If it's dividends you're after, there are plenty of top companies to consider, particularly those on the Dow Jones Industrial Average. But if you're willing to consider stocks off the beaten path that still pay amazing dividends, there's a whole world of often-overlooked winners out there that can reward a dividend investor. 

We've asked three of our Foolish investors to choose a dividend stock they think is unknown but still amazing, and they picked Korea Electric Power Corporation (NYSE:KEP)Oaktree Capital Group (NYSE:OAK), and Buckeye Partners (NYSE:BPL). Here's why these could be right for your dividend portfolio.

A smiling young man being showered with paper currency.

Finding an amazing investment that the stock market missed is worth the effort. Image source: Getty Images.

This Korean company could take gold in the dividends race

Rich Smith (Korea Electric Power Corporation): Thanks to the recent Winter Olympics, a lot of Americans are rediscovering South Korea these days. Personally, I've had a fascination with Korean companies ever since I read Michael Breen's survey of Korean history and industry, The New Koreans, last year.

Korean industry, it turns out, is growing like a weed, and it requires one thing to keep it growing: Power. That's one reason Korea Electric Power Corporation is so attractive to me. It's South Korea's largest electric utility, and so both instrumental to the growth of Korean industry, and also likely to reap the lion's share of the benefits of that growth as large Korean companies buy more and more power to sustain themselves.

True, from an investor's perspective, Korea Electric Power Corporation is a bit tricky to value. The company's earnings are all over the place -- losing money in 2012, earning hardly anything the year after, surging to $11.3 billion in profits in 2015, then quickly receding to just $1.3 billion earned last year.

Still, even those much lower trailing-12-month profits are enough to give Korea Electric a modest price-to-earnings ratio of less than 16. (The average stock on our own S&P 500 costs more than 25 times earnings.) Korea Electric also pays one of the most attractive dividend yields you'll find outside of the REIT or MLP spaces -- 6%, according to data from S&P Global Market Intelligence, which is more than three times as high as the 1.8% average yield on the S&P 500.

While I admit the erratic nature of Korea Electric's earnings gives me pause, the high dividend yield is enticing. This is one dividend stock that might be worth getting to know.

Betting on caution

Tim Green (Oaktree Capital Group): Investors like predictable dividends. Oaktree Capital, an alternative-asset manager co-chaired by Howard Marks, is not that kind of company. Its dividends ebb and flow based on how much cash is available to distribute each quarter. If you can look past the always-changing dividend payment, Oaktree is a great choice, especially with the market as expensive as it is.

Here's the thing: Oaktree is all about exercising caution when caution is warranted. During the latest conference call, CEO Jay Wintrob said this: "In sum, the kind of environment where the benefits of our focus on controlling risk and investing with an ample margin of safety do not become readily apparent. Given these buoyant market conditions, we continued to be a net seller of assets in 2017."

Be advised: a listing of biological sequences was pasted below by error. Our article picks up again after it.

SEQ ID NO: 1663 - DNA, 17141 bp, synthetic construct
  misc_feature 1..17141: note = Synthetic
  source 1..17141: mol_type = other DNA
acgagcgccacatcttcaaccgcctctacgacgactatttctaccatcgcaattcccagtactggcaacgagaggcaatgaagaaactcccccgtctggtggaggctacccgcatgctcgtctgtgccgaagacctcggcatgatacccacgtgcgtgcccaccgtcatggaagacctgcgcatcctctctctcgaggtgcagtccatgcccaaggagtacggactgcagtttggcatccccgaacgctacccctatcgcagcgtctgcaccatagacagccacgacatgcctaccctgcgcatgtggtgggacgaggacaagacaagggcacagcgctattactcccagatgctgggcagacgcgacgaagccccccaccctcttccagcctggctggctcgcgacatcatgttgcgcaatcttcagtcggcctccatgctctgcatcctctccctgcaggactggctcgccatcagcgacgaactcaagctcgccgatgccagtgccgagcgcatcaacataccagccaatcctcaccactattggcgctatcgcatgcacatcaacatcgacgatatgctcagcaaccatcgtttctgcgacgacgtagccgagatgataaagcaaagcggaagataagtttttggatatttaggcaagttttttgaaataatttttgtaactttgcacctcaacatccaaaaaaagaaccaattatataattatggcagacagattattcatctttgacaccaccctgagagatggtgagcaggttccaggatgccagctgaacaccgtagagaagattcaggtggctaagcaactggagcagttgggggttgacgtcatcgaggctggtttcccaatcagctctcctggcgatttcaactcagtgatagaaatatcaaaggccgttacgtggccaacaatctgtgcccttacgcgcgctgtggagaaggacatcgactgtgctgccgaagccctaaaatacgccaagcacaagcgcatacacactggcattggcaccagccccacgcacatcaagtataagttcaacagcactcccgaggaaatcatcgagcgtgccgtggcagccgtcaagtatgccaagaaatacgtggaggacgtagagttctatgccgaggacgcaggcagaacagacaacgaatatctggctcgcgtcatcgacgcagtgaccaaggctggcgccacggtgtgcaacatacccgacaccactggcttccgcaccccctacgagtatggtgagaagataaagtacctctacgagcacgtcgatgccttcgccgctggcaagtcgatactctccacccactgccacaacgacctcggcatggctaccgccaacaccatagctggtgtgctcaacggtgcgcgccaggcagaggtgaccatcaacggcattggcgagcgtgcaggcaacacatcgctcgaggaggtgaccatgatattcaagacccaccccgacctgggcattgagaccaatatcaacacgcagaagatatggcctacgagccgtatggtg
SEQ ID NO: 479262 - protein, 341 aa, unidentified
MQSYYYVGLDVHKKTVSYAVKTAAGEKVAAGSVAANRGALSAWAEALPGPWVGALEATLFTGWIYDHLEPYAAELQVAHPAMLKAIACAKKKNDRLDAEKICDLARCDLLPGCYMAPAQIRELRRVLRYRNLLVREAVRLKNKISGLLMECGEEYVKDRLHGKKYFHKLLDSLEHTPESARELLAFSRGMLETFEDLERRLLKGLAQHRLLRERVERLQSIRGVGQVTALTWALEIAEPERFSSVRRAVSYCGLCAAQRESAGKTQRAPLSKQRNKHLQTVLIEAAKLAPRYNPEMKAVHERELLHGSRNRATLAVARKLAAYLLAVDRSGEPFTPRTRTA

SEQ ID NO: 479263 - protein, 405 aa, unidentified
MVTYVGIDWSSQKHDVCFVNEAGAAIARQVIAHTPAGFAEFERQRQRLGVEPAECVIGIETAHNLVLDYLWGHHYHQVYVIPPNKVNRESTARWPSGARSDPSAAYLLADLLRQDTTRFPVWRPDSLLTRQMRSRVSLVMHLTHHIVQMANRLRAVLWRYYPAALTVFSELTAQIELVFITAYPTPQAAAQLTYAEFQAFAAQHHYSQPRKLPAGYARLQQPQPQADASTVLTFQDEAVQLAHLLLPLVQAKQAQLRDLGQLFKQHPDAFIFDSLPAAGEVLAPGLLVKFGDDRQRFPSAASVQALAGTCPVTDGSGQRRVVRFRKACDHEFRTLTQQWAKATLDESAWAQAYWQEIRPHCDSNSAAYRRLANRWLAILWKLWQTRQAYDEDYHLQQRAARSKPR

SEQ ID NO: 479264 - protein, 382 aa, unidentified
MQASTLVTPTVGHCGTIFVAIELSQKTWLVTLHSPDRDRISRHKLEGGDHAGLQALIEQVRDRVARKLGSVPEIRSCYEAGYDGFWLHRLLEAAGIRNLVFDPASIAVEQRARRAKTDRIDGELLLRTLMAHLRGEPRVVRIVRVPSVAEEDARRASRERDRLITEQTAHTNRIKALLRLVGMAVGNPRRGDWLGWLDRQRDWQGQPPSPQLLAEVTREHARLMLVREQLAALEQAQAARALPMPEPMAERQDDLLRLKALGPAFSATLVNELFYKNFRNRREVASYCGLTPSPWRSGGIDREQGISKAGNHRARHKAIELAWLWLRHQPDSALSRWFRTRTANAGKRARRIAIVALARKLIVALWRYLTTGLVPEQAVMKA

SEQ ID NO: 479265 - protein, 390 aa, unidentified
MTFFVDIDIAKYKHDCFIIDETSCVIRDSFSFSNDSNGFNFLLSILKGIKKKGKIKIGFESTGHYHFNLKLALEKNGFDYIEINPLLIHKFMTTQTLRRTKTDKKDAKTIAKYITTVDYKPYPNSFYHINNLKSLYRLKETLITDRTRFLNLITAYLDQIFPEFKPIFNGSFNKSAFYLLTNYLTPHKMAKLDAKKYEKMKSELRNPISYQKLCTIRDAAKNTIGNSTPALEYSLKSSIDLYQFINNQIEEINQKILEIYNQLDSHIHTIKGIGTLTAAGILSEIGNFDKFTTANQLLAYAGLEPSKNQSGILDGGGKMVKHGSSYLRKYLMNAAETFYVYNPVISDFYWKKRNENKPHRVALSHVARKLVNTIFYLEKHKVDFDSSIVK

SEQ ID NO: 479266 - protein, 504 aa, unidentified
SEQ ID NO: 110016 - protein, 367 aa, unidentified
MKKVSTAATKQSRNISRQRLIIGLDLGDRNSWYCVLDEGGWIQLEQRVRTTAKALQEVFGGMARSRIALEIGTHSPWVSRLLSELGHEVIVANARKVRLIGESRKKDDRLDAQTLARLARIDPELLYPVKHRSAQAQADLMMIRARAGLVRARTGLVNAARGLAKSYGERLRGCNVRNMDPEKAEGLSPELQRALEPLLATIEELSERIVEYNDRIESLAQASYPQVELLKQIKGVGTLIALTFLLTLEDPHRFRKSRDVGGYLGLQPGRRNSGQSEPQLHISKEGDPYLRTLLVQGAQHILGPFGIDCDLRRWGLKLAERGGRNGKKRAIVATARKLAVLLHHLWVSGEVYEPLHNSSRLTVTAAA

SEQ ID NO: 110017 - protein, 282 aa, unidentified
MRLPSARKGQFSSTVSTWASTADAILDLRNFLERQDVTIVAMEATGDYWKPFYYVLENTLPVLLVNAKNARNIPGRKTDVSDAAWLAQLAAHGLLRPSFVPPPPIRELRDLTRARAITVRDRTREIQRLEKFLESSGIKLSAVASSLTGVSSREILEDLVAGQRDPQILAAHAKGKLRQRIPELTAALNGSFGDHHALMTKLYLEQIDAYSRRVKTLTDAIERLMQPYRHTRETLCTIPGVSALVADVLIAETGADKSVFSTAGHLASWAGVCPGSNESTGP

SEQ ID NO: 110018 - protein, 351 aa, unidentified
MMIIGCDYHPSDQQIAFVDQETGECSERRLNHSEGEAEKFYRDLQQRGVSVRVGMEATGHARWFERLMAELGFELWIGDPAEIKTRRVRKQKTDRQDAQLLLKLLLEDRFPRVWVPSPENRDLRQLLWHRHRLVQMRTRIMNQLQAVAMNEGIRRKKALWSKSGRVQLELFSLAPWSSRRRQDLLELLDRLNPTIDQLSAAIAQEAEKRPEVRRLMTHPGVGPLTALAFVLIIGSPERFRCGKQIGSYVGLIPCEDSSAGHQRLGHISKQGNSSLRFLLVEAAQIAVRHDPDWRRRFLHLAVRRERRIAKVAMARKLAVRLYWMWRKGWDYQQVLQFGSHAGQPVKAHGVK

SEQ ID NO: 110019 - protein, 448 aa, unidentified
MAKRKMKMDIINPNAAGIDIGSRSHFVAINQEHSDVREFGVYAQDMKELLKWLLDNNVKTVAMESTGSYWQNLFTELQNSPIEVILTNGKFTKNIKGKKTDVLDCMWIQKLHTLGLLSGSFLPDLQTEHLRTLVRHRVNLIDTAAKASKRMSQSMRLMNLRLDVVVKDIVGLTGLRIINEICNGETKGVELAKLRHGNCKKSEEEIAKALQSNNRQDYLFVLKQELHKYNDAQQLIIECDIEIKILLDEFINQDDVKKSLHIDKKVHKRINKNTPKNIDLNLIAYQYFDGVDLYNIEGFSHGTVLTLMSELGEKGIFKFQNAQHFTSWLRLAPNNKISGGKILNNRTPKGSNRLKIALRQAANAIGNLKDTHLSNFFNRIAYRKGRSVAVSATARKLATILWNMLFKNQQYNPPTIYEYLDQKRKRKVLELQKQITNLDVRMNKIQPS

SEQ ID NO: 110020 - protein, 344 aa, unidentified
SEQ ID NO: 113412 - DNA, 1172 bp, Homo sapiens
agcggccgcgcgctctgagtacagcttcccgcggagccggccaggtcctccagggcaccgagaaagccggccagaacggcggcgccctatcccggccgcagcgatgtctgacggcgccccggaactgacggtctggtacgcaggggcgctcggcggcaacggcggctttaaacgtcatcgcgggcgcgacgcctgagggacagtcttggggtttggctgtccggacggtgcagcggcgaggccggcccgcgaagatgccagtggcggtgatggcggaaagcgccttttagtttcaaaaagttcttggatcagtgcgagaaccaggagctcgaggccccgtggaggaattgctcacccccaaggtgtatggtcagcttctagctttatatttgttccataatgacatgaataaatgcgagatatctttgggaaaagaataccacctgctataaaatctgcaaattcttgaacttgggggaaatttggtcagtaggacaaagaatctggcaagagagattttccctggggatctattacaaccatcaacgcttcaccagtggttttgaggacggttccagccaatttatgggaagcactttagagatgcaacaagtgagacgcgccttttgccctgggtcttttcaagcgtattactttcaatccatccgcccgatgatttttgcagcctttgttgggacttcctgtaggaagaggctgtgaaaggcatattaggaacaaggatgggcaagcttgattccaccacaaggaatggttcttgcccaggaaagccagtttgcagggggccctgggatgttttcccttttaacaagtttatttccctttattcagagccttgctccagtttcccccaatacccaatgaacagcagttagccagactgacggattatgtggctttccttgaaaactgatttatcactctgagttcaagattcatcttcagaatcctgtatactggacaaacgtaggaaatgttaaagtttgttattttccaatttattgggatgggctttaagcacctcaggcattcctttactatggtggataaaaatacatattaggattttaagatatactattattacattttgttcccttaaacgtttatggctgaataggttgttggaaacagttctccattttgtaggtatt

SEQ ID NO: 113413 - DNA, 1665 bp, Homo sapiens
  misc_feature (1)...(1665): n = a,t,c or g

Ramping up risk to keep returns high during raging bull markets isn't in the playbook. That's the right strategy, and it all but guarantees that Oaktree will be able to weather just about any storm. The dividend has been impressive over the past year, with total payments of $3.34 per share. That's good for a trailing yield of 8%, but again, that number will change going forward.

With many asset classes priced for perfection, Oaktree isn't finding many opportunities. When the next downturn hits, though, Oaktree will be ready.

Amazing yield, moderate risk

John Bromels (Buckeye Partners): If you can stomach a little bit of risk with your yield, Houston-based MLP Buckeye Partners should make your mouth water with its current double-digit yield of 11.3%. Of course, a yield that high should immediately make investors wary. It might not be sustainable, or might be the result of a crashing share price.

Sure enough, Buckeye Partners' per-unit price did decline by about 25% in 2017, pushing the yield higher. And the company's distribution coverage -- the amount of cash it has available to pay its distribution -- is pretty slim. In fact, for full-year 2017, its coverage ratio was 1. That means it had just enough cash to cover its distributions with nothing left over. Worse, in Q3 2017, the company's coverage ratio dropped below 1, meaning it was unable to cover its entire distribution with cash from operations.

Don't freak out just yet, though! Buckeye has a 22-year streak of annual distribution increases, and it has never once cut the company's payout. CEO Clark Smith indicated on the most recent earnings call that he certainly isn't planning to do so now, either: "[A] temporary shortfall in coverage will not affect our distribution policy ... Buckeye currently has no intention to cut its distribution."

And even if the yield was trimmed by a percentage point or two, it would still be higher than most dividends around. That's pretty amazing in my book. Just be sure to check out all the tax rules surrounding MLPs before you buy, because they sometimes have more IRS reporting requirements than traditional stock investments.

John Bromels has no position in any of the stocks mentioned. Rich Smith has no position in any of the stocks mentioned. Timothy Green owns shares of Oaktree Capital. The Motley Fool owns shares of and recommends Oaktree Capital. The Motley Fool has a disclosure policy.